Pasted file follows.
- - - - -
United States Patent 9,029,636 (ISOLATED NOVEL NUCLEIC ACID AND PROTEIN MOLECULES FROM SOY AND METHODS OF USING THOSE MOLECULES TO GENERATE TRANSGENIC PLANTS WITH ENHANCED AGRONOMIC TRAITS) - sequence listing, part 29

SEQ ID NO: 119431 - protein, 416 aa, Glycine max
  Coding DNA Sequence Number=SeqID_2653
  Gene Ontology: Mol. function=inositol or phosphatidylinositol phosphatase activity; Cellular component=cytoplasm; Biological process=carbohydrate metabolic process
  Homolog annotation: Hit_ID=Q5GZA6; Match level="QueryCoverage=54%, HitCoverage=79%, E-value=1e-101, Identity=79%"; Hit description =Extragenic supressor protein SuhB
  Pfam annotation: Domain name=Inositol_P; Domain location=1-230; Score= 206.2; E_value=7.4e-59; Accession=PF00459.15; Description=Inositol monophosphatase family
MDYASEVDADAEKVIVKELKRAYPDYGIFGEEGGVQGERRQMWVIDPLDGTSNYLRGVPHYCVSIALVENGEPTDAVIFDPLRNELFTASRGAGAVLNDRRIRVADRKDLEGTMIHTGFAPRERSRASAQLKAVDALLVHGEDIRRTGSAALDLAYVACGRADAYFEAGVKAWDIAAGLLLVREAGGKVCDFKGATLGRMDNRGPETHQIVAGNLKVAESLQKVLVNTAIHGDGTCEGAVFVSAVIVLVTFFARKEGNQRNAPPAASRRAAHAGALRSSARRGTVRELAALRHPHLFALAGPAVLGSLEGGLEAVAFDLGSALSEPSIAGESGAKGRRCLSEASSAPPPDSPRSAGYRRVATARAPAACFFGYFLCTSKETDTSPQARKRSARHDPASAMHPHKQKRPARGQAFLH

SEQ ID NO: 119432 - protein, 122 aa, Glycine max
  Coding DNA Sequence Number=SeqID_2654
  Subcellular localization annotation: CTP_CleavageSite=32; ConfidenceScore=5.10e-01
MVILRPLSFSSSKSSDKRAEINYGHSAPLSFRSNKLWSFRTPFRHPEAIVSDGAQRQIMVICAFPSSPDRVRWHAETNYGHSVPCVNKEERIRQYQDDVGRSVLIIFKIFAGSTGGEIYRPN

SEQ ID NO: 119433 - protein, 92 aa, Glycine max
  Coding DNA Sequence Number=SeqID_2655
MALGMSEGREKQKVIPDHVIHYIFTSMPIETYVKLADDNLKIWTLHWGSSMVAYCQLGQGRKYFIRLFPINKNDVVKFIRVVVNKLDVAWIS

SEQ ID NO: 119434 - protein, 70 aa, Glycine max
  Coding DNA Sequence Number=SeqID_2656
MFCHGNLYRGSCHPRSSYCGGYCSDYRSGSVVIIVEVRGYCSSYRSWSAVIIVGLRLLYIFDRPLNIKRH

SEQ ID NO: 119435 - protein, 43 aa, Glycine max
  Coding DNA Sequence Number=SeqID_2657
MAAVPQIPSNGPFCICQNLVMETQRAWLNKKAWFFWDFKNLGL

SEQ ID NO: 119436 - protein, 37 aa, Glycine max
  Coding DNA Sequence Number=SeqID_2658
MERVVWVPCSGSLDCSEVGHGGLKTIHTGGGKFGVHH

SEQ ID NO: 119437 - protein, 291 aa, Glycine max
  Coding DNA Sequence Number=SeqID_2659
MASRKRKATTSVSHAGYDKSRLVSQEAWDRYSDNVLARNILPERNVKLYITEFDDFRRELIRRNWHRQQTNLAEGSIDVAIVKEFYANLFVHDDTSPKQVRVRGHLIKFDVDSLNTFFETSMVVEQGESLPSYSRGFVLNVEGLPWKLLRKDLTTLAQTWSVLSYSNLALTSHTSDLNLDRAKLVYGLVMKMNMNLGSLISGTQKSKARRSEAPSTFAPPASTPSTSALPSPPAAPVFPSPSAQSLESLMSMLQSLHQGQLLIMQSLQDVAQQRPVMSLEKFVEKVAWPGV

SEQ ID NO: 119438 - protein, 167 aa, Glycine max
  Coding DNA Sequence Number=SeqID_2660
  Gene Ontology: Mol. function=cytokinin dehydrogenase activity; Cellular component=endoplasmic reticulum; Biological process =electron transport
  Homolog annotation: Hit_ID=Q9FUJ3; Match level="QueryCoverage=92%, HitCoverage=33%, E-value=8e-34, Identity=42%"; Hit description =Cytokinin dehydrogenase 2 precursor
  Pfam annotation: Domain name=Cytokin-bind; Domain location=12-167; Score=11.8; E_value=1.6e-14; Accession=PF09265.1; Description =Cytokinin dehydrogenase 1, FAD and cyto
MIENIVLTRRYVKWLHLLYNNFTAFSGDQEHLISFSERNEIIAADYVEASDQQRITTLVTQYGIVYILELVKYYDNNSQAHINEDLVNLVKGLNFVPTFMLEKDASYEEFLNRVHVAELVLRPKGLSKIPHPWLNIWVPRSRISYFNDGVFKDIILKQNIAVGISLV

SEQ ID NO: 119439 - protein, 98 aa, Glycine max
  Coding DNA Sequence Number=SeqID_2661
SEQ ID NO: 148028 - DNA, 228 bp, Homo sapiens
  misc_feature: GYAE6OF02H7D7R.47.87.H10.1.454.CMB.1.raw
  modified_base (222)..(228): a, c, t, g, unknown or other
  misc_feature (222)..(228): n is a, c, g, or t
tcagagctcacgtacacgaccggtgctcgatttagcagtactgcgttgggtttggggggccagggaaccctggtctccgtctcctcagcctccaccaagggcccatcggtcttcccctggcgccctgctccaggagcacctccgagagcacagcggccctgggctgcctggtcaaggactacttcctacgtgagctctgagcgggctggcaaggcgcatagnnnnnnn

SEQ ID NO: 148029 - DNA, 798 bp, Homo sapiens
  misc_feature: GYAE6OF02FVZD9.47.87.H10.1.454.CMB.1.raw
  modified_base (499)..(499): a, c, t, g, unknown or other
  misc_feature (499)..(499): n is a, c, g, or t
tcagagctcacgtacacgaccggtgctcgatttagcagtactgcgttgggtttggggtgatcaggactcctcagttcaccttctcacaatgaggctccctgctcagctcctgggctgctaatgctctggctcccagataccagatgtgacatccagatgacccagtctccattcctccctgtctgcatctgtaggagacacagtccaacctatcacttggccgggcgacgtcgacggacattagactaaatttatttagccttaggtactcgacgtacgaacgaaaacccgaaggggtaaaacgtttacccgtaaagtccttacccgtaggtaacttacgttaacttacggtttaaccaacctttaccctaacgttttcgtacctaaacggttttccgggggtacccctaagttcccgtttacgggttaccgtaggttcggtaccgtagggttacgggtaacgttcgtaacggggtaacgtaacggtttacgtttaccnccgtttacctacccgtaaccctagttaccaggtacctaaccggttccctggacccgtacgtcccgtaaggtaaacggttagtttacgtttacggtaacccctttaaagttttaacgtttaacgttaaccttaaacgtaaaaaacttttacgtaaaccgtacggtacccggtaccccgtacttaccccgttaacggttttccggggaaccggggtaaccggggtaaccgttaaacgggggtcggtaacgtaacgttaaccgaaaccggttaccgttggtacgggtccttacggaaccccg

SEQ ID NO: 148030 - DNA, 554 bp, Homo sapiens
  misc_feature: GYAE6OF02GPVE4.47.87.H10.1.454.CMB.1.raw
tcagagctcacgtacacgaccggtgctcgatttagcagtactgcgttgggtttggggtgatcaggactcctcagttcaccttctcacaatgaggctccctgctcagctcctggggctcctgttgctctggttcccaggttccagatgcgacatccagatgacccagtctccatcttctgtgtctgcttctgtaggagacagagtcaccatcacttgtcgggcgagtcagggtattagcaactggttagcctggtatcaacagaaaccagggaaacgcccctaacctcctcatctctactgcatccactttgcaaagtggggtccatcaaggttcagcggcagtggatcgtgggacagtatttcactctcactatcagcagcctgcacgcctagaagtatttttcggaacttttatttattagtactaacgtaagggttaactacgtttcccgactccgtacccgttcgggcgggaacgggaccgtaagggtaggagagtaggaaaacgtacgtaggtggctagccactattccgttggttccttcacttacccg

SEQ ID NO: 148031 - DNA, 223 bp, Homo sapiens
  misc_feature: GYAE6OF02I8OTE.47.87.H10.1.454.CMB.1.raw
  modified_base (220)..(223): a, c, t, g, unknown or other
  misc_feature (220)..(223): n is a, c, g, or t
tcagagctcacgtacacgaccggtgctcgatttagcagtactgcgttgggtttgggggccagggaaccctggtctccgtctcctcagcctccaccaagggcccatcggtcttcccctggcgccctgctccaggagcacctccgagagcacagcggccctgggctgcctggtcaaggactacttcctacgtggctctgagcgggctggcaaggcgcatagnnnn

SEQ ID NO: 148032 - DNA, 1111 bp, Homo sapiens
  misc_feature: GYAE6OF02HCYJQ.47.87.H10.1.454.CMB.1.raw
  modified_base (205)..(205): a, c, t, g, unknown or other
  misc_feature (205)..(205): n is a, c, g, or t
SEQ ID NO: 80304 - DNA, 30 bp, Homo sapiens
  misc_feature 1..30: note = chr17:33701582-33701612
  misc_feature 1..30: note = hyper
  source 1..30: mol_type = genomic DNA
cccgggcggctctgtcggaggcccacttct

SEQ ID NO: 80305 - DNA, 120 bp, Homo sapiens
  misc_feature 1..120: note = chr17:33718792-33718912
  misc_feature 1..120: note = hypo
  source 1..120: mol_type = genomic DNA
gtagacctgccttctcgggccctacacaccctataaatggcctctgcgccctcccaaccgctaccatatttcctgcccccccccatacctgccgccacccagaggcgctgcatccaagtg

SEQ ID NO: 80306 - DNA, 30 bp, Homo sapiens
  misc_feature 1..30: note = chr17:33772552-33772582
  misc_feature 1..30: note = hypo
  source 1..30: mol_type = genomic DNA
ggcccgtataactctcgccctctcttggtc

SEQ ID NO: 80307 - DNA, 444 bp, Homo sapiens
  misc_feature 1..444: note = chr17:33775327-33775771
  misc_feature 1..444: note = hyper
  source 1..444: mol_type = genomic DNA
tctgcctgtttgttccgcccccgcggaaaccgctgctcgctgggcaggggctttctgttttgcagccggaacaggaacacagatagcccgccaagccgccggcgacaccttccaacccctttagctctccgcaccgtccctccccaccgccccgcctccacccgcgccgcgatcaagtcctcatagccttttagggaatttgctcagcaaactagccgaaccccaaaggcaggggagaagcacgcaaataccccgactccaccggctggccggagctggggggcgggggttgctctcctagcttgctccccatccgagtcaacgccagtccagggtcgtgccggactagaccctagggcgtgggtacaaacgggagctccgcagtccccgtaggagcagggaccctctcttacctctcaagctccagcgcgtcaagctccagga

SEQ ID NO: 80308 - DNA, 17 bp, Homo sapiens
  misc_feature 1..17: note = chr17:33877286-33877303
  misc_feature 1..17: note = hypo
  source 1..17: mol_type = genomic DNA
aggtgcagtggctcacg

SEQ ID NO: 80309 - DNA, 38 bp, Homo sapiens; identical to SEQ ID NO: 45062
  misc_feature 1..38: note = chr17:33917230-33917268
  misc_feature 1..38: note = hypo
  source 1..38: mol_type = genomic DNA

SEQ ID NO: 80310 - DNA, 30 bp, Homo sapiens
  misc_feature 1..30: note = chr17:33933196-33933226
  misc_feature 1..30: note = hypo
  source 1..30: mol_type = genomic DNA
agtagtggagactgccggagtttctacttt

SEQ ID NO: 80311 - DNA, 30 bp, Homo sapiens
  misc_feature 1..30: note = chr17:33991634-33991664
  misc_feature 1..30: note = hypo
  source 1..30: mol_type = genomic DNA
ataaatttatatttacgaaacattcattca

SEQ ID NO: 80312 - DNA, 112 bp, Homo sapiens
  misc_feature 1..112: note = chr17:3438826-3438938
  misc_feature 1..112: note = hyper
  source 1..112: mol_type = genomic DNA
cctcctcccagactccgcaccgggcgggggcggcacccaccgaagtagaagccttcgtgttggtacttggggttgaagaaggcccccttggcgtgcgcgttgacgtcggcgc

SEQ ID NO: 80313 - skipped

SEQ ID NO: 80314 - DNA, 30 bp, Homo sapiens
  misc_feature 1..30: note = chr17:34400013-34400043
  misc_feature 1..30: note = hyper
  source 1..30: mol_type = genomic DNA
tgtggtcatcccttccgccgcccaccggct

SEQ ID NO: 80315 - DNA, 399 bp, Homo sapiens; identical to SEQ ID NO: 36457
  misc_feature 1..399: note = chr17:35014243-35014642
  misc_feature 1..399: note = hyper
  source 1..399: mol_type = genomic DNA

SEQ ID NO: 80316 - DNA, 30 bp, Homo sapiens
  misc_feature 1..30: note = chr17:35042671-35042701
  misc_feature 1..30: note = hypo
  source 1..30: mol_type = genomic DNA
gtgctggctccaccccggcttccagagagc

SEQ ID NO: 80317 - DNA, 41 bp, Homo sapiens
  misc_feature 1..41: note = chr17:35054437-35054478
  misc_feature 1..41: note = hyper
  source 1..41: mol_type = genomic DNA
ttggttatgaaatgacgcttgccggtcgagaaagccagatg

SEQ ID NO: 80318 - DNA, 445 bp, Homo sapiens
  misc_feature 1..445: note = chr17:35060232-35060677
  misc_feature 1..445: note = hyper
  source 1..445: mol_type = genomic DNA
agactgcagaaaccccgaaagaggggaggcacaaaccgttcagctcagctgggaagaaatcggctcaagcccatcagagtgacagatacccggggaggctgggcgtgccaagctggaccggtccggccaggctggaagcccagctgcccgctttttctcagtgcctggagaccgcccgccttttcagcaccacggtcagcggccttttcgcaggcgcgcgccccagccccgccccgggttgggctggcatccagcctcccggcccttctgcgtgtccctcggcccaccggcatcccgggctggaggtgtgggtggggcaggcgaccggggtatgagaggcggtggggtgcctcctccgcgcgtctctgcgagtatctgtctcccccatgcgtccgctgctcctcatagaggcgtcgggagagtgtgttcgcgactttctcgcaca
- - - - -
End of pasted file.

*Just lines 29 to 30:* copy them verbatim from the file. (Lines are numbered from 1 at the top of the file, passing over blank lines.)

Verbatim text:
  Gene Ontology: Mol. function=cytokinin dehydrogenase activity; Cellular component=endoplasmic reticulum; Biological process =electron transport
  Homolog annotation: Hit_ID=Q9FUJ3; Match level="QueryCoverage=92%, HitCoverage=33%, E-value=8e-34, Identity=42%"; Hit description =Cytokinin dehydrogenase 2 precursor